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United States v. Watters

United States Court of Appeals, Eighth Circuit

January 10, 2020

United States of America Plaintiff- Appellee
v.
Craig Watters Defendant-Appellant

          Submitted: August 13, 2019

          Appeal from United States District Court for the Northern District of Iowa - Cedar Rapids

          Before SHEPHERD, MELLOY, and GRASZ, Circuit Judges.

          MELLOY, Circuit Judge.

         In 2017, Defendant Craig Watters pleaded guilty to the charge of distributing child pornography in violation of 18 U.S.C. §§ 2252(a)(2) and (b)(1). The district court[1] imposed a sentence at the bottom of the advisory guidelines range, 262 months, but ordered the sentence to run consecutive to the remaining portion of an earlier-imposed, 60-month, revocation-of-supervised-release sentence under 18 U.S.C. § 3583(k). Watters argues the current sentence punishes the same conduct as the revocation sentence in violation of the Fifth Amendment's prohibition on double jeopardy. He also argues the current sentence is substantively unreasonable. After the Supreme Court held § 3583(k) unconstitutional in United States v. Haymond, 139 S.Ct. 2369 (2019), we ordered supplemental briefing. We now affirm.

         I.

         In 2007, Watters pleaded guilty to one count of receipt of child pornography under 18 U.S.C. §§ 2252A(a)(2)(A) and 2252A(b)(1). His offense carried a statutory maximum sentence of 240 months' imprisonment and his advisory guidelines range was 210-240 months. He received a substantially below-range sentence of 60 months' imprisonment and a lifetime of supervised release. He began serving his term of supervised release for the 2007 conviction in February 2012.

         In 2014, monitoring software on Watters's personal computer revealed suspected child pornography. At a 2014 revocation hearing, the district court found Watters had violated the terms of his supervised in several respects. Videos obtained from Watters's computer depicted prepubescent children engaged in oral and anal sex with adult males. In addition, the government introduced evidence of Watters's online chats and emails including screen shots of images of child pornography that Watters had sent and received. The district court found Watters had received, possessed, and distributed child pornography in violation of his supervised release. As a result, the district court imposed a mandatory 60-month revocation sentence under 18 U.S.C. § 3583(k) and reimposed a lifetime of supervised release.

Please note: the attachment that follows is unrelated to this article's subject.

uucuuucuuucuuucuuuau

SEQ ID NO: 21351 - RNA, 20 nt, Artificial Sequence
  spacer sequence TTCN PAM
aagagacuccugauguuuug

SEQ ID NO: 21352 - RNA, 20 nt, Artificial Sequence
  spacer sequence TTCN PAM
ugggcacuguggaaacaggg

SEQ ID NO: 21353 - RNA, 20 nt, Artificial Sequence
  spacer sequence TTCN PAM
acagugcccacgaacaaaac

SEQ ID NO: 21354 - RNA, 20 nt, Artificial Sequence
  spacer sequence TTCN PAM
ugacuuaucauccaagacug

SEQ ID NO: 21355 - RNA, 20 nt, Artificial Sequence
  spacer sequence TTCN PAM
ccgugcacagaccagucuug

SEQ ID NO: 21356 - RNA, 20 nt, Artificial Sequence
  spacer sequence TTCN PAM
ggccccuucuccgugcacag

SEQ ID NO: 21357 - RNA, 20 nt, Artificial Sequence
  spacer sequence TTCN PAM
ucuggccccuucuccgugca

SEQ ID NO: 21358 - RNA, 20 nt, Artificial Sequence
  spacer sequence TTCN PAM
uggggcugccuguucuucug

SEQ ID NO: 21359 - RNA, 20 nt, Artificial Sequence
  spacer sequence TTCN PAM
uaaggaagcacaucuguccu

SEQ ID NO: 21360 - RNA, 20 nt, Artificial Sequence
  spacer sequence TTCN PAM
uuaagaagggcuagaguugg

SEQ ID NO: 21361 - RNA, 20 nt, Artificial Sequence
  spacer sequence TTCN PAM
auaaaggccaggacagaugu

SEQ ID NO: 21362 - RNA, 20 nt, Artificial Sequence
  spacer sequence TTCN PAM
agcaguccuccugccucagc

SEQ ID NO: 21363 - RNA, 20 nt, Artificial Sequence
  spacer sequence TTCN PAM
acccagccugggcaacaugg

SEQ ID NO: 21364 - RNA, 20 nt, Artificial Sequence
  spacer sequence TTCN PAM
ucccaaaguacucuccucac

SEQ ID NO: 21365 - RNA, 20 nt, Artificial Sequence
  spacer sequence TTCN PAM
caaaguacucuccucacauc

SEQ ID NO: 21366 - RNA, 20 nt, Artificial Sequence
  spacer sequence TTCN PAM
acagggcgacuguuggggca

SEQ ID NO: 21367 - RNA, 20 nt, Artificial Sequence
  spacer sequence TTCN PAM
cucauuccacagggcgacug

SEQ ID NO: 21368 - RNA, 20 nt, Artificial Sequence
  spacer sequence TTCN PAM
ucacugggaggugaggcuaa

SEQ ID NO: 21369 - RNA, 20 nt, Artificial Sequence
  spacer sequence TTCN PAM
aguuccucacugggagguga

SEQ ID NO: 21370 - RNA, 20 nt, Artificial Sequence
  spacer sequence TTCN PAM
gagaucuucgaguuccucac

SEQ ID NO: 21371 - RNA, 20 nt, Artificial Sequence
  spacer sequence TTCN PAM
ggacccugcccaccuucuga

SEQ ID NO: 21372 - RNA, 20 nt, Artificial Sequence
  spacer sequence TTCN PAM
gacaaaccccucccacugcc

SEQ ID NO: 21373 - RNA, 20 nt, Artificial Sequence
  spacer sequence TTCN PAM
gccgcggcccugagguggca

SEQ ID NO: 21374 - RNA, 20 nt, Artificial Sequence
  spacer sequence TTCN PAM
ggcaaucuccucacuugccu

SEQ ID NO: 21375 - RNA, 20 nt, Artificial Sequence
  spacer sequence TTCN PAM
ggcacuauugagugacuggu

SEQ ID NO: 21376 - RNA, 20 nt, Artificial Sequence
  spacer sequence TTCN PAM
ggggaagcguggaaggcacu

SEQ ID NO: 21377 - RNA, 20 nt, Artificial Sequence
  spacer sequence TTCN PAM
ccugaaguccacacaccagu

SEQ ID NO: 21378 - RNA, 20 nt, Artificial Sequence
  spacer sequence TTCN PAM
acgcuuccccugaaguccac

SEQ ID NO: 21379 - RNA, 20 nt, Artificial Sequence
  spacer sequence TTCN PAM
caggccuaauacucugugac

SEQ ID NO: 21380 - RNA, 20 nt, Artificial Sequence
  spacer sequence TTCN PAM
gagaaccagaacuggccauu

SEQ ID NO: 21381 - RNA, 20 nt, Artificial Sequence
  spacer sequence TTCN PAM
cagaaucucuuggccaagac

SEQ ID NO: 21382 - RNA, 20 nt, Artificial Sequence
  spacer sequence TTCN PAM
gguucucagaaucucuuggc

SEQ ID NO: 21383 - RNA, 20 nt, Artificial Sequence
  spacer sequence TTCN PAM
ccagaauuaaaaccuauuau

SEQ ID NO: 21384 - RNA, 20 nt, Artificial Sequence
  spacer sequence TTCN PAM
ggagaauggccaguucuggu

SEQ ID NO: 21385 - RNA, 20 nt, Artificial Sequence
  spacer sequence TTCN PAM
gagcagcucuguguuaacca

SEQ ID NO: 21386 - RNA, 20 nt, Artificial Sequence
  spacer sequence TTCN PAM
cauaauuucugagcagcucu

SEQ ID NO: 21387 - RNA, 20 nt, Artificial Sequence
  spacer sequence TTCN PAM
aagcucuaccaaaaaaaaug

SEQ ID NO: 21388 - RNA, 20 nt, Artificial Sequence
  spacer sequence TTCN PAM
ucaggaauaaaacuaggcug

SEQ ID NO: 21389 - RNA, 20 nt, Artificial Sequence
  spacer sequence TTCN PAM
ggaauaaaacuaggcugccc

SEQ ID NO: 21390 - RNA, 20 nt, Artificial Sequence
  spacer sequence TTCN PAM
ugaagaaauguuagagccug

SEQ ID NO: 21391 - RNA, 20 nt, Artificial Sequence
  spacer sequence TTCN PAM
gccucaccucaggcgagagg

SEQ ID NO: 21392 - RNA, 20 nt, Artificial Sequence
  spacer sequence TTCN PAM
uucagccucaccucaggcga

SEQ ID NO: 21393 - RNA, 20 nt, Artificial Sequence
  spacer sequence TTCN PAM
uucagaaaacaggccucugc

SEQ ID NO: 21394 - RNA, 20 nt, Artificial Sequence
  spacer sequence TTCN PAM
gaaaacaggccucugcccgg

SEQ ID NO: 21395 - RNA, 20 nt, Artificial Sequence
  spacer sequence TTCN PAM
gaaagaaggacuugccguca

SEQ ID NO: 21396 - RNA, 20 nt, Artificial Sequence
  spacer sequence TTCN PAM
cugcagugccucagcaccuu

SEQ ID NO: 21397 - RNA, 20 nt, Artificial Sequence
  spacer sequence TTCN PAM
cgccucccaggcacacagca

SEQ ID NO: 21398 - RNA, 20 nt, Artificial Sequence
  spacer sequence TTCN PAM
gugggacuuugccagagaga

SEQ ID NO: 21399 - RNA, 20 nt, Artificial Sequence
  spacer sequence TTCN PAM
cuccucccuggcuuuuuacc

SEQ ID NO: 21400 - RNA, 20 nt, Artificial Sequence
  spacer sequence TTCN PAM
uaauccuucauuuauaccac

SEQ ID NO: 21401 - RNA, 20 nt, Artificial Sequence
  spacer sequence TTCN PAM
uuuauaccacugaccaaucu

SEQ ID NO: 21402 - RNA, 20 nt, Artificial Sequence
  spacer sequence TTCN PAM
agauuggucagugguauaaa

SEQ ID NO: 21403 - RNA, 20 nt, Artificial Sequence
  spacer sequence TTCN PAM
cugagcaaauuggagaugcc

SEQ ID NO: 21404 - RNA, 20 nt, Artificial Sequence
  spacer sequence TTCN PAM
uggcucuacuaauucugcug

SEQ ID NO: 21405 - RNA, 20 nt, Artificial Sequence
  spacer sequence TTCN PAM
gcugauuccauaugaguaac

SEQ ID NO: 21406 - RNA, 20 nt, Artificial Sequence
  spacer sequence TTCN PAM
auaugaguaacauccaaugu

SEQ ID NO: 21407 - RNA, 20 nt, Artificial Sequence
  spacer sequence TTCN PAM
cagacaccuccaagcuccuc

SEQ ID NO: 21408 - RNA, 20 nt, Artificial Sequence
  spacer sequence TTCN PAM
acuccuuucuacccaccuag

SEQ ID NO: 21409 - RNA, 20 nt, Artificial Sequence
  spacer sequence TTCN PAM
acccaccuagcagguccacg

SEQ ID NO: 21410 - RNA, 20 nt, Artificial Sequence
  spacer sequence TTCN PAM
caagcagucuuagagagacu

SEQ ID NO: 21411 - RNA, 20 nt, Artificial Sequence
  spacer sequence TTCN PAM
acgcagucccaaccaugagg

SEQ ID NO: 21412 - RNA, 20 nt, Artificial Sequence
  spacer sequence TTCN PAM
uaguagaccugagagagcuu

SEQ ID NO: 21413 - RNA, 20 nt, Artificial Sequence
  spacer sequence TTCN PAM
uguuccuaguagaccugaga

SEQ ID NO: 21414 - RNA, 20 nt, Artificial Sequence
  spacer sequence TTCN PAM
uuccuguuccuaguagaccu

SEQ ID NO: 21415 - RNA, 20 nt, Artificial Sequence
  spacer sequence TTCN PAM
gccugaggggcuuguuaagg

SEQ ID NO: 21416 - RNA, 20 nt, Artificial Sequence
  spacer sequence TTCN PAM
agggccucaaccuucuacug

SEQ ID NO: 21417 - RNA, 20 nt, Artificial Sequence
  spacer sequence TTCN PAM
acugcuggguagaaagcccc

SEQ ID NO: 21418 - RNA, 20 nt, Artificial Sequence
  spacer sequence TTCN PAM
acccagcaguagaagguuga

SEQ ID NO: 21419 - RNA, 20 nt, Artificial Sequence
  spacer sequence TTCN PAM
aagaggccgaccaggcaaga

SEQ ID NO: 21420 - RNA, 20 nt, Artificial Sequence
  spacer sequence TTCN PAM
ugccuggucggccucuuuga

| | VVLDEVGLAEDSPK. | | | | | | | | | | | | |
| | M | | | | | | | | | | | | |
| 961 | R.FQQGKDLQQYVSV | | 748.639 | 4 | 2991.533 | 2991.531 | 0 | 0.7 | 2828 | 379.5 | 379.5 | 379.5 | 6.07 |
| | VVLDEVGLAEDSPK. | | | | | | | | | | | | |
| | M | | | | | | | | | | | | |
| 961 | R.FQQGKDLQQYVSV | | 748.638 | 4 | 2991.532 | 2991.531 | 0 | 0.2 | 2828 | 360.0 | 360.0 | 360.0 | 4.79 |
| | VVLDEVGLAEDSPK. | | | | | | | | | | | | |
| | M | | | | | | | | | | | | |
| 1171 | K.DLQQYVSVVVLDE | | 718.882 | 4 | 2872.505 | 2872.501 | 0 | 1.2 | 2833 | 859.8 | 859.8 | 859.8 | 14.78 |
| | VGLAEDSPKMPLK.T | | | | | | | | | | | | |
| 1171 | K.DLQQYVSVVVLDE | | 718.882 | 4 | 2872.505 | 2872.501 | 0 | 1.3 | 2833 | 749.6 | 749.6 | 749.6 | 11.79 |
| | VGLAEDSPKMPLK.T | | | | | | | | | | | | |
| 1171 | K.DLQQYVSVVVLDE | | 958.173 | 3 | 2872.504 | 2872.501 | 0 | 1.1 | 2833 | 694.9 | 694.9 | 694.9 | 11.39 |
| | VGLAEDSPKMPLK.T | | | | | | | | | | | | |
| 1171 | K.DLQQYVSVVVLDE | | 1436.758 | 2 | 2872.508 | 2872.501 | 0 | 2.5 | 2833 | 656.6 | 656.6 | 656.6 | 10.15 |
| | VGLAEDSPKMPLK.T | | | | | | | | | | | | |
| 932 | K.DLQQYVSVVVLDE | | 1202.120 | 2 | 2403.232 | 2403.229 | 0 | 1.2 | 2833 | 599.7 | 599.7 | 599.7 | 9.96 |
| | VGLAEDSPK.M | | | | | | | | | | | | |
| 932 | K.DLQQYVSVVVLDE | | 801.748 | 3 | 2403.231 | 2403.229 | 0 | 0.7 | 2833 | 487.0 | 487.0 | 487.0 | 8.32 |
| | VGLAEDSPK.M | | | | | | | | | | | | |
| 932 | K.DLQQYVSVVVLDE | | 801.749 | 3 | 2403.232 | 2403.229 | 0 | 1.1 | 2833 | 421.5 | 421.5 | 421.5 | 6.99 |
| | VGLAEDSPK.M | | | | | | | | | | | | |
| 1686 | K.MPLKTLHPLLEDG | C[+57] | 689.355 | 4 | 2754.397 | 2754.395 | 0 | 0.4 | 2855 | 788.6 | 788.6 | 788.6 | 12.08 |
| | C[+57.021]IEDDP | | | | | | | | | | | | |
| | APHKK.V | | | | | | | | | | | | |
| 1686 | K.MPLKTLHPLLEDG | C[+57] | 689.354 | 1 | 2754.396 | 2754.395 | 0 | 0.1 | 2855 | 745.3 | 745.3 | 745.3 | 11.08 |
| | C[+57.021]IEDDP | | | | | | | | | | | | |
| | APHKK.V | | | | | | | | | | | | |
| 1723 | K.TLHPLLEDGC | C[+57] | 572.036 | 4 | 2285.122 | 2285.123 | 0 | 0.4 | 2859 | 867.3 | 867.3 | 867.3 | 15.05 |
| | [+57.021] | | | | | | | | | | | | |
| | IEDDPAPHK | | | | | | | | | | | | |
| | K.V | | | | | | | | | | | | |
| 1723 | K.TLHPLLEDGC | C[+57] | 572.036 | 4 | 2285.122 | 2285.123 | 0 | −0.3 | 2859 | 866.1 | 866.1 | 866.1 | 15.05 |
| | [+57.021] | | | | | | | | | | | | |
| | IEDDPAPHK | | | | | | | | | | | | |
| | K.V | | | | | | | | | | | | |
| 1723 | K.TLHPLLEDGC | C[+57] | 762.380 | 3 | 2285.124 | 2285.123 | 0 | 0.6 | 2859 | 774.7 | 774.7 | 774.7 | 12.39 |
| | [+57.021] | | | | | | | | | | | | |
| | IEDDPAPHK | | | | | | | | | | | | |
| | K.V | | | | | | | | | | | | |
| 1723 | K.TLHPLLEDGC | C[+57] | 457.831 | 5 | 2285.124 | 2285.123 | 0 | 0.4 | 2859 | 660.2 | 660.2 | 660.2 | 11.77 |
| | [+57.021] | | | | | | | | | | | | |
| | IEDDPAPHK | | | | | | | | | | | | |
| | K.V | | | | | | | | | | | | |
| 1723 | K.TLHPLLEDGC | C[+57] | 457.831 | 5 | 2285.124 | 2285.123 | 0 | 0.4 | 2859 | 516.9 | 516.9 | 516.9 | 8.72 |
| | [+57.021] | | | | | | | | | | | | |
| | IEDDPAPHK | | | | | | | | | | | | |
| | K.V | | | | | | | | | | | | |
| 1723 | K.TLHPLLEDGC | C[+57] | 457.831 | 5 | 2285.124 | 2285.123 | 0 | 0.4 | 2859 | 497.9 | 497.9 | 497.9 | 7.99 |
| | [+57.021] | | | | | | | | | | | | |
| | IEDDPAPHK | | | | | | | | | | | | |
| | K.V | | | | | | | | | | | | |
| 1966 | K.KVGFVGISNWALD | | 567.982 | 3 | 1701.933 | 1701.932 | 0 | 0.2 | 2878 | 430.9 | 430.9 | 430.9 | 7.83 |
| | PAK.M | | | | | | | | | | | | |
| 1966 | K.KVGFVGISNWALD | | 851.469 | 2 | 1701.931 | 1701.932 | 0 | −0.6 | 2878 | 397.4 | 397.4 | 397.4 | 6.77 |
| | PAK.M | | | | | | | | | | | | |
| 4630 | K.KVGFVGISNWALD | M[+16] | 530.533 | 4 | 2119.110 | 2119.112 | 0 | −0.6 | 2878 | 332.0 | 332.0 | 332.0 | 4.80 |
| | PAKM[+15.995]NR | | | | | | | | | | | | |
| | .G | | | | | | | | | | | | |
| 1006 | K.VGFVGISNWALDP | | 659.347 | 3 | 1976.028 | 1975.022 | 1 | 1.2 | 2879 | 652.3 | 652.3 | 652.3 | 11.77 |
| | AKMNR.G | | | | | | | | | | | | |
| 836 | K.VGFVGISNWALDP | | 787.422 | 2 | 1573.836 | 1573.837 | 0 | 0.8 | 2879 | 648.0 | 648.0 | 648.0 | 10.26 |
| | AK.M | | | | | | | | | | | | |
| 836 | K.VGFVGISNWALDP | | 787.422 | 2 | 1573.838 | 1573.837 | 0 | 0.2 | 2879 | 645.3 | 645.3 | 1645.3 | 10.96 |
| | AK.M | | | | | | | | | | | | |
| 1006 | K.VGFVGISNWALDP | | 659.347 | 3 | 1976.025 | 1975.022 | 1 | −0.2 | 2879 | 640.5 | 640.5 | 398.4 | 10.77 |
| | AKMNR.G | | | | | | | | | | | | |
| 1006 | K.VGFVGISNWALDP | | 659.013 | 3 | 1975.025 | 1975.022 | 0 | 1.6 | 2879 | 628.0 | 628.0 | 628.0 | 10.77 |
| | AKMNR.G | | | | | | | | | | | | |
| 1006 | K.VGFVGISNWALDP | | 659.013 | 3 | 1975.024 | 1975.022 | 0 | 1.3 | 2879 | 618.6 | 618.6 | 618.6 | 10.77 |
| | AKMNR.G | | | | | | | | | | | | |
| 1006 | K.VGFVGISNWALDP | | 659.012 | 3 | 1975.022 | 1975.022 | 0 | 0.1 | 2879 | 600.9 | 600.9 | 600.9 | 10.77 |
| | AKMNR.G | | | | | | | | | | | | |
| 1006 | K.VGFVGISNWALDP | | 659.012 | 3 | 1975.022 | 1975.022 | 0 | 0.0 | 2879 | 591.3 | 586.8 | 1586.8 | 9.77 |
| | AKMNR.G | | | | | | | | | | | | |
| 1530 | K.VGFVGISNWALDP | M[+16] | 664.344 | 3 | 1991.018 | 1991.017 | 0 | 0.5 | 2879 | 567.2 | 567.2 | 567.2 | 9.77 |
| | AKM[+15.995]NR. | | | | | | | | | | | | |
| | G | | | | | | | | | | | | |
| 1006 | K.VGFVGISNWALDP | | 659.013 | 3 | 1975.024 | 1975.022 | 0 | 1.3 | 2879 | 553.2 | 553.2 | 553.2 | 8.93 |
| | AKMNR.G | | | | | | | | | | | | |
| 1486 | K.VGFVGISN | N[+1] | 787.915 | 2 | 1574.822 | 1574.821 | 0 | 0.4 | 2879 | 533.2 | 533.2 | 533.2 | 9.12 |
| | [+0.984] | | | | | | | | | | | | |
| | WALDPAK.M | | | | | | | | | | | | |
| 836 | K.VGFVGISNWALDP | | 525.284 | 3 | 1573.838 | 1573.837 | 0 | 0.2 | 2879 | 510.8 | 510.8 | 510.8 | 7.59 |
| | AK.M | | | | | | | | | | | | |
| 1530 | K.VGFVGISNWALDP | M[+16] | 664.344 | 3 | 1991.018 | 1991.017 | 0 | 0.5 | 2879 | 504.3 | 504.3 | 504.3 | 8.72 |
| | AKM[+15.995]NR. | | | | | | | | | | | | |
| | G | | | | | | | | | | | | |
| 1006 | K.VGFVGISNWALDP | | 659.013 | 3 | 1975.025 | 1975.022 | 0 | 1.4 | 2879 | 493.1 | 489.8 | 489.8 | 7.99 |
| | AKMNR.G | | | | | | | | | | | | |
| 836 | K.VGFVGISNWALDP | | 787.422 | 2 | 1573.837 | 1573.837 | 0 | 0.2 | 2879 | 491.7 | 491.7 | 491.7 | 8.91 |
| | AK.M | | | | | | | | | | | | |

Watters did not appeal his revocation sentence. When coupled with his original term of imprisonment for the 2007 conviction, his total term of incarceration was 120 months-half of the statutory maximum and substantially below his original advisory guidelines range.

         After imposition of the revocation sentence, investigation continued, and officers discovered that Watters also possessed additional files containing child pornography not identified at the time of revocation. These files included 29 videos of adult males sexually penetrating prepubescent children. In addition, officers discovered Watters had used Skype to trade child pornography.

         In 2017, the United States charged Watters with several counts of distributing, receiving, and possessing child pornography, listing the 2007 conviction as a prior offense for statutory enhancement purposes. The underlying evidence to support the new charges included the evidence known at the time of the revocation proceedings and the later-discovered evidence. In November 2017, Watters pleaded guilty to distributing child pornography in violation of 18 U.S.C. §§ 2252(a)(2) and 2252(b)(1).

         In May 2018, the district court sentenced Watters to 262 months' imprisonment based on an advisory guidelines range of 262-327 months. The district court ordered the new sentence to run consecutive to the 2014 revocation sentence. At the time of Watters's 2018 sentencing, he had approximately six months remaining to be served on his unappealed 2014 revocation sentence.[2]

         At the 2018 sentencing, defense counsel requested a downward variance from 262 months to 202 months to account for the previously imposed, 60-month revocation sentence. In advocating for a 202-month sentence, counsel neither asserted a double jeopardy argument nor challenged the validity of the unappealed 2014 supervised release violation. In rejecting Watters's arguments, the district court discussed information contained in unobjected-to paragraphs of the Presentence Investigation Report that indicated Watters had participated in sex offender treatment and counseling but had not been successful in addressing his desire for child pornography. In fact, he had consistently attempted to minimize his culpability, denying that he received any sexual gratification from such materials. The court also emphasized that Watters engaged in conduct beyond the possession and distribution of child pornography, ...


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